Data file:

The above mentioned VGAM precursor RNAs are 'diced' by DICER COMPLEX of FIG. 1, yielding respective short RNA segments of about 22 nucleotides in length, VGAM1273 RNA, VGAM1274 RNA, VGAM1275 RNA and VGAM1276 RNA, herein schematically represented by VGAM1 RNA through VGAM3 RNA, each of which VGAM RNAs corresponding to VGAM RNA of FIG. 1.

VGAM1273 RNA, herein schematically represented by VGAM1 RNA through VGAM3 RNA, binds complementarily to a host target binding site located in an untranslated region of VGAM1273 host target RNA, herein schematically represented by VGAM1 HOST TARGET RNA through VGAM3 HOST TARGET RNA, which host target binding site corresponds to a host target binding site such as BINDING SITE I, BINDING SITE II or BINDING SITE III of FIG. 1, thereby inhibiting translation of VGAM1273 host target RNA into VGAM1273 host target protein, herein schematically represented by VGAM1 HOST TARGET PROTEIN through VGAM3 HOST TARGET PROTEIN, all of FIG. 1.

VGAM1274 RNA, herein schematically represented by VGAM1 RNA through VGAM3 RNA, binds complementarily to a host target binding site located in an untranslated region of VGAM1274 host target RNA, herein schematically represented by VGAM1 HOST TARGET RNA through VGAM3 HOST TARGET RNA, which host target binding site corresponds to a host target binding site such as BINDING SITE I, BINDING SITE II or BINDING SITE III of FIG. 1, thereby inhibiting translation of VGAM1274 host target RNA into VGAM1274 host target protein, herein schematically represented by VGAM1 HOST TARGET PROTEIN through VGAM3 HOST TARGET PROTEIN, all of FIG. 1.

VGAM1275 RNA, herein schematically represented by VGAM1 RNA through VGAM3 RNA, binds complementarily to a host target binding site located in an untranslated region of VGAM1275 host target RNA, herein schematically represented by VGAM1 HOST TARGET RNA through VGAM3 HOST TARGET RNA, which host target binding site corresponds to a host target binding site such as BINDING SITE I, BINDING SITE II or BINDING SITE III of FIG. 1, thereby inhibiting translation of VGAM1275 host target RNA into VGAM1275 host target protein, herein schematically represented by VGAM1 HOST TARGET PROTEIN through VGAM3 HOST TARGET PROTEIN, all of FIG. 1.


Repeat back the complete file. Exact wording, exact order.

The above mentioned VGAM precursor RNAs are 'diced' by DICER COMPLEX of FIG. 1, yielding respective short RNA segments of about 22 nucleotides in length, VGAM1273 RNA, VGAM1274 RNA, VGAM1275 RNA and VGAM1276 RNA, herein schematically represented by VGAM1 RNA through VGAM3 RNA, each of which VGAM RNAs corresponding to VGAM RNA of FIG. 1.

VGAM1273 RNA, herein schematically represented by VGAM1 RNA through VGAM3 RNA, binds complementarily to a host target binding site located in an untranslated region of VGAM1273 host target RNA, herein schematically represented by VGAM1 HOST TARGET RNA through VGAM3 HOST TARGET RNA, which host target binding site corresponds to a host target binding site such as BINDING SITE I, BINDING SITE II or BINDING SITE III of FIG. 1, thereby inhibiting translation of VGAM1273 host target RNA into VGAM1273 host target protein, herein schematically represented by VGAM1 HOST TARGET PROTEIN through VGAM3 HOST TARGET PROTEIN, all of FIG. 1.

VGAM1274 RNA, herein schematically represented by VGAM1 RNA through VGAM3 RNA, binds complementarily to a host target binding site located in an untranslated region of VGAM1274 host target RNA, herein schematically represented by VGAM1 HOST TARGET RNA through VGAM3 HOST TARGET RNA, which host target binding site corresponds to a host target binding site such as BINDING SITE I, BINDING SITE II or BINDING SITE III of FIG. 1, thereby inhibiting translation of VGAM1274 host target RNA into VGAM1274 host target protein, herein schematically represented by VGAM1 HOST TARGET PROTEIN through VGAM3 HOST TARGET PROTEIN, all of FIG. 1.

VGAM1275 RNA, herein schematically represented by VGAM1 RNA through VGAM3 RNA, binds complementarily to a host target binding site located in an untranslated region of VGAM1275 host target RNA, herein schematically represented by VGAM1 HOST TARGET RNA through VGAM3 HOST TARGET RNA, which host target binding site corresponds to a host target binding site such as BINDING SITE I, BINDING SITE II or BINDING SITE III of FIG. 1, thereby inhibiting translation of VGAM1275 host target RNA into VGAM1275 host target protein, herein schematically represented by VGAM1 HOST TARGET PROTEIN through VGAM3 HOST TARGET PROTEIN, all of FIG. 1.